Ad Looks Like Big Tobacco Ad from the 20th Century
The American Lung Association (ALA), with primary financial support from CVS Health (CVS), has initiated a campaign called "Lung Force." The campaign features a video ad
with the theme of "Anyone Can Get Lung Cancer." Although the ad cites
the fact that lung cancer incidence among women has increased over the
past decades and mentions radon and air pollution as causes, nowhere in
the ad is smoking even mentioned.
I went to the Lung Force fact sheet on lung cancer and found that the #1 most important fact is as follows:
"1. Anyone can get lung cancer."
If you click on the link to get more information, it brings you to the
video ad with the theme of "Anyone Can Get Lung Cancer" which doesn't
In a detailed sheet
which summarizes the campaign, there is not a single mention of the
importance of smoking as a cause of the increasing incidence of lung
cancer among women, even though the sheet emphasizes how important it is
to get out all the facts and educate women about the "basics" and even
though the sheet mentions air pollution, radon, family history, and secondhand smoke as risk factors.
And in a detailed summary
of the Lung Force campaign, it again fails to mention smoking. Instead,
it de-emphasizes smoking by hiding the fact that smoking is
overwhelming the chief cause of lung cancer among women. In fact, it
appears that the main objective of the campaign is to downplay the role of smoking in causing lung cancer among women:
"We aim to change people’s minds about what it means to have lung
cancer—so that everyone understands that anyone can get lung cancer."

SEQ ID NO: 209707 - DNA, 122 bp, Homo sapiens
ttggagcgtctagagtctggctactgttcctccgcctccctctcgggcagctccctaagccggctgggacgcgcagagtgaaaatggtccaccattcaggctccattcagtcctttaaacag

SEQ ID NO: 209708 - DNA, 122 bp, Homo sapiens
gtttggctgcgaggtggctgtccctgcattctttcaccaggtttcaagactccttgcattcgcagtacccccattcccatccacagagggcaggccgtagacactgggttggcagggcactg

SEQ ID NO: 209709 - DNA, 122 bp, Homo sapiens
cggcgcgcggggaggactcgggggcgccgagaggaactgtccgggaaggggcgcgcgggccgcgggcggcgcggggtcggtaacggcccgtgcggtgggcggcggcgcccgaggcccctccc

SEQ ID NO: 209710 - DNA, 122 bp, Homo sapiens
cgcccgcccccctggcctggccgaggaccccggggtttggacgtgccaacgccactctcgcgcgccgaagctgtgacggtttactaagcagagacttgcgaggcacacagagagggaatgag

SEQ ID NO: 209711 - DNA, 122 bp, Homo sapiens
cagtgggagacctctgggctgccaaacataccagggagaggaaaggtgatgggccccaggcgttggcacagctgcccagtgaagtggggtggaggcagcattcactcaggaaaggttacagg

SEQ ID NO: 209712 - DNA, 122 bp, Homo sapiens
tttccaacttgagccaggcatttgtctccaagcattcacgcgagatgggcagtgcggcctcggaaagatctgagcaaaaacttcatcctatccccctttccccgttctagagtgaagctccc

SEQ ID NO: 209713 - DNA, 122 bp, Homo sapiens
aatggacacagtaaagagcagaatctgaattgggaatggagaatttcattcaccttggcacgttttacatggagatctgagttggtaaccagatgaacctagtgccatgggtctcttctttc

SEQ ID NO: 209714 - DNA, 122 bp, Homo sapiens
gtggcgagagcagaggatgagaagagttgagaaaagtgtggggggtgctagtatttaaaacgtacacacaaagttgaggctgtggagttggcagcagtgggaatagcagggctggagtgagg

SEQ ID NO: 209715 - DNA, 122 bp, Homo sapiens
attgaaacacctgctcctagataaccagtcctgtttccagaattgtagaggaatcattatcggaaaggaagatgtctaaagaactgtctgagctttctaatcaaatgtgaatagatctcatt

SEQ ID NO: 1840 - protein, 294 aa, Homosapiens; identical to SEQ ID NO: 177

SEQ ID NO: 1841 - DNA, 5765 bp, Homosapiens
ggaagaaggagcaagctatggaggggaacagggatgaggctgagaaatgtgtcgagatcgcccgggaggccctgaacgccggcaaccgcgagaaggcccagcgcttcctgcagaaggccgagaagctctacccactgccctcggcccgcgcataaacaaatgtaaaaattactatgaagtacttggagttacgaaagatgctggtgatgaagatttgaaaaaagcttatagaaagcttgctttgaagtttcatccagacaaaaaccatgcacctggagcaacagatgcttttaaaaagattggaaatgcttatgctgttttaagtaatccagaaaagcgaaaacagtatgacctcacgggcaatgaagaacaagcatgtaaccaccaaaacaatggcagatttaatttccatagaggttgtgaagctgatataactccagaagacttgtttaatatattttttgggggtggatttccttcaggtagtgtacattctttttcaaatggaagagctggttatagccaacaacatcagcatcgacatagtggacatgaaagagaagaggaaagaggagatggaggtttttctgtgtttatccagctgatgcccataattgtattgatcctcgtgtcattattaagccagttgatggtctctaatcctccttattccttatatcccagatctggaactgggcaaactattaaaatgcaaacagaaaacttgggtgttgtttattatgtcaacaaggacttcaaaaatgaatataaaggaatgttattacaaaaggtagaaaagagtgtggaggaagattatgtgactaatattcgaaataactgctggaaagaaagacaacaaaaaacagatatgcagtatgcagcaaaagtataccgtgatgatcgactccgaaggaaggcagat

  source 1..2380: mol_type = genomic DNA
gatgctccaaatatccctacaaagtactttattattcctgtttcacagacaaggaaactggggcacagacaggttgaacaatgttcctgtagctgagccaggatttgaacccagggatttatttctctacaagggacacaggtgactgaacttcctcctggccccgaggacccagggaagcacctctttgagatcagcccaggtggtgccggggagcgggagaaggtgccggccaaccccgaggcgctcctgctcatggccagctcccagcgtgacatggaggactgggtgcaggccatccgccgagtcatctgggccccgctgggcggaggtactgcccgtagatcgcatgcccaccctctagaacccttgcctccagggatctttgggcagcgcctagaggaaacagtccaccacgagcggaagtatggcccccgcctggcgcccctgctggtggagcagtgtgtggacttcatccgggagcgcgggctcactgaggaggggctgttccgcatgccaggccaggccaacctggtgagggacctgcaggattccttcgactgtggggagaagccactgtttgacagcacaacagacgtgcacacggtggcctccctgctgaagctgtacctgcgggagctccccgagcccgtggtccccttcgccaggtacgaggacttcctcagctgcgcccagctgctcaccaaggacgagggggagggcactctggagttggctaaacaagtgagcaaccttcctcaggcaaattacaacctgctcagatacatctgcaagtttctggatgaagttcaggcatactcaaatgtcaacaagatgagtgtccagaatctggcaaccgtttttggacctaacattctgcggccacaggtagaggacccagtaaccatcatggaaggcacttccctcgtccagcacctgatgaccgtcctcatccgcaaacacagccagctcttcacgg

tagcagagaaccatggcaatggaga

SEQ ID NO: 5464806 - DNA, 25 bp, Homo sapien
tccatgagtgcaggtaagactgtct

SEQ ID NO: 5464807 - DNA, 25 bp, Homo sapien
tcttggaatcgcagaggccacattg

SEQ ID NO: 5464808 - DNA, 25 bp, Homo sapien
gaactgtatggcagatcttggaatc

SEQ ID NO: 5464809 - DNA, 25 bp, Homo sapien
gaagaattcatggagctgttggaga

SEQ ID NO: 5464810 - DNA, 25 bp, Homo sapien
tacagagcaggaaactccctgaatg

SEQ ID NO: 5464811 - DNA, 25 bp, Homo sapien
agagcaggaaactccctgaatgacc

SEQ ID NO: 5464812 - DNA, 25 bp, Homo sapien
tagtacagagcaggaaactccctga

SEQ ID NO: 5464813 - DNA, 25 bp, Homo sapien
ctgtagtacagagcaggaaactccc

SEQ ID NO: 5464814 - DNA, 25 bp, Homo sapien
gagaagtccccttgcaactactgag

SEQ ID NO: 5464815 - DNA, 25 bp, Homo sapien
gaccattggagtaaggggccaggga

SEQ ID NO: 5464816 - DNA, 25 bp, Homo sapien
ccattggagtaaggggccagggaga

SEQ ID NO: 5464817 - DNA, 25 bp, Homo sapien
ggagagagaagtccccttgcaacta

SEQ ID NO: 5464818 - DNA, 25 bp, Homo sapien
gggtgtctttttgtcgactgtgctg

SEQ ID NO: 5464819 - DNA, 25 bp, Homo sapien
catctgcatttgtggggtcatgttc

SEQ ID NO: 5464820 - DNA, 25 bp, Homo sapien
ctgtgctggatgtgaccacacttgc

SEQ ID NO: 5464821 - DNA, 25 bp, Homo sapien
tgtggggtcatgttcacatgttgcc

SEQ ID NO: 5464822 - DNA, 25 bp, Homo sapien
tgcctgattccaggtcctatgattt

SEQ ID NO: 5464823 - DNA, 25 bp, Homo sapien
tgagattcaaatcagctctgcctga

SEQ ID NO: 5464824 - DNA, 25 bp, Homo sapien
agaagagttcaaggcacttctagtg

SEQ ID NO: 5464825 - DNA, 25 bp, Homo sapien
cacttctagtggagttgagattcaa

In a long
video about lung cancer featuring numerous lung cancer survivors,
smoking is not mentioned a single time, other than in an attempt to
suggest that smoking is not as important a risk factor for lung cancer as previously thought.
In fact, the campaign actively suppresses
the sharing of the fact that smoking is overwhelmingly the leading
cause of lung cancer. For example, in presenting Kellie Pickler's
involvement in the campaign, sparked by the death of her grandmother
from lung cancer, it fails to mention the important fact that her
grandmother was a long-term smoker.
The Rest of the Story
I'm not sure
that I can overstate my level of condemnation of this campaign. It is
disturbing, and it is damaging. It undermines decades of education about
the severe health hazards of smoking and about the role of smoking as
the overwhelming most predominant cause of lung cancer. About 90% of the
suffering that the campaign highlights could be prevented if we made
smoking history. But instead, the campaign talks about air pollution,
which only causes about 1% (at the most) of lung cancer.
theme, and the video ad, look like a Big Tobacco campaign from the 20th
century, downplaying the role of smoking in lung cancer by emphasizing
that "anyone" can get lung cancer. I'm not sure the tobacco
industry itself could have done a better job of downplaying the role of
its products in the devastating lung cancer epidemic.
only does the campaign fail to mention smoking as a leading cause of
lung cancer and not only does it downplay the role of smoking, but it actively tries to confuse women about the role of smoking. By emphasizing that most lung cancer is diagnosed in nonsmokers and
omitting the important fact that most of these women are former
smokers, it appears to be intentionally trying to get women to think
that smoking is not the predominant cause of lung cancer. Furthermore,
it does not once mention the role that the tobacco industry played in
the epidemic of lung cancer among women.
industry should really send a thank-you note to the Lung Force campaign
for running a public awareness campaign that downplays the role of
smoking in a way that even Big Tobacco would not do, and is not doing,
in the 21st century.